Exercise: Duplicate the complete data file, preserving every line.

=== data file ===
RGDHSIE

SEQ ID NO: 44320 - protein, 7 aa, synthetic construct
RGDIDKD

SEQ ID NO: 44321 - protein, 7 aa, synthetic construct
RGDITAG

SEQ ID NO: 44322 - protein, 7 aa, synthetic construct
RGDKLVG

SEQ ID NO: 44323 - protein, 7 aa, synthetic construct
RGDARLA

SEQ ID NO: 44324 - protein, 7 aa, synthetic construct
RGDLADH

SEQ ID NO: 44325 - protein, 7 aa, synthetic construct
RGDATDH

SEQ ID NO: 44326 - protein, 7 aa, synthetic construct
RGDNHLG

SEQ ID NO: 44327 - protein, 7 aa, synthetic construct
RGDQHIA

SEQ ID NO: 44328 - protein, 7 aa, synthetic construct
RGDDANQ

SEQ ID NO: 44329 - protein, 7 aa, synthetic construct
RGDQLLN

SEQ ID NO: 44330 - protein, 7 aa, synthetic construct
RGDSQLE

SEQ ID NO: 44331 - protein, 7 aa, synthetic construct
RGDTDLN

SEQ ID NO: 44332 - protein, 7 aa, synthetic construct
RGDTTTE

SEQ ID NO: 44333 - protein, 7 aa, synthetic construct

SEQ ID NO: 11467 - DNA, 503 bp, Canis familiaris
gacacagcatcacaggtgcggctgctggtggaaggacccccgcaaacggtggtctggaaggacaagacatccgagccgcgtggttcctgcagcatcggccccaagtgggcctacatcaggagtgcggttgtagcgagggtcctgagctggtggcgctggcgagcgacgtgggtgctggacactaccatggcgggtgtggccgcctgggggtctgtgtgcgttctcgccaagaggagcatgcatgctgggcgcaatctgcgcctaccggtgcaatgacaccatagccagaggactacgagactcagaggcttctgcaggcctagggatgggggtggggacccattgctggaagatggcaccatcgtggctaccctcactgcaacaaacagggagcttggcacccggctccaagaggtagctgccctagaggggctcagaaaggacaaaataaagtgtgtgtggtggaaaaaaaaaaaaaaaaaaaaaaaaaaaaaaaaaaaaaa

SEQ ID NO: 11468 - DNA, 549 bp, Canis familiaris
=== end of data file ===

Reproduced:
RGDHSIE

SEQ ID NO: 44320 - protein, 7 aa, synthetic construct
RGDIDKD

SEQ ID NO: 44321 - protein, 7 aa, synthetic construct
RGDITAG

SEQ ID NO: 44322 - protein, 7 aa, synthetic construct
RGDKLVG

SEQ ID NO: 44323 - protein, 7 aa, synthetic construct
RGDARLA

SEQ ID NO: 44324 - protein, 7 aa, synthetic construct
RGDLADH

SEQ ID NO: 44325 - protein, 7 aa, synthetic construct
RGDATDH

SEQ ID NO: 44326 - protein, 7 aa, synthetic construct
RGDNHLG

SEQ ID NO: 44327 - protein, 7 aa, synthetic construct
RGDQHIA

SEQ ID NO: 44328 - protein, 7 aa, synthetic construct
RGDDANQ

SEQ ID NO: 44329 - protein, 7 aa, synthetic construct
RGDQLLN

SEQ ID NO: 44330 - protein, 7 aa, synthetic construct
RGDSQLE

SEQ ID NO: 44331 - protein, 7 aa, synthetic construct
RGDTDLN

SEQ ID NO: 44332 - protein, 7 aa, synthetic construct
RGDTTTE

SEQ ID NO: 44333 - protein, 7 aa, synthetic construct

SEQ ID NO: 11467 - DNA, 503 bp, Canis familiaris
gacacagcatcacaggtgcggctgctggtggaaggacccccgcaaacggtggtctggaaggacaagacatccgagccgcgtggttcctgcagcatcggccccaagtgggcctacatcaggagtgcggttgtagcgagggtcctgagctggtggcgctggcgagcgacgtgggtgctggacactaccatggcgggtgtggccgcctgggggtctgtgtgcgttctcgccaagaggagcatgcatgctgggcgcaatctgcgcctaccggtgcaatgacaccatagccagaggactacgagactcagaggcttctgcaggcctagggatgggggtggggacccattgctggaagatggcaccatcgtggctaccctcactgcaacaaacagggagcttggcacccggctccaagaggtagctgccctagaggggctcagaaaggacaaaataaagtgtgtgtggtggaaaaaaaaaaaaaaaaaaaaaaaaaaaaaaaaaaaaaa

SEQ ID NO: 11468 - DNA, 549 bp, Canis familiaris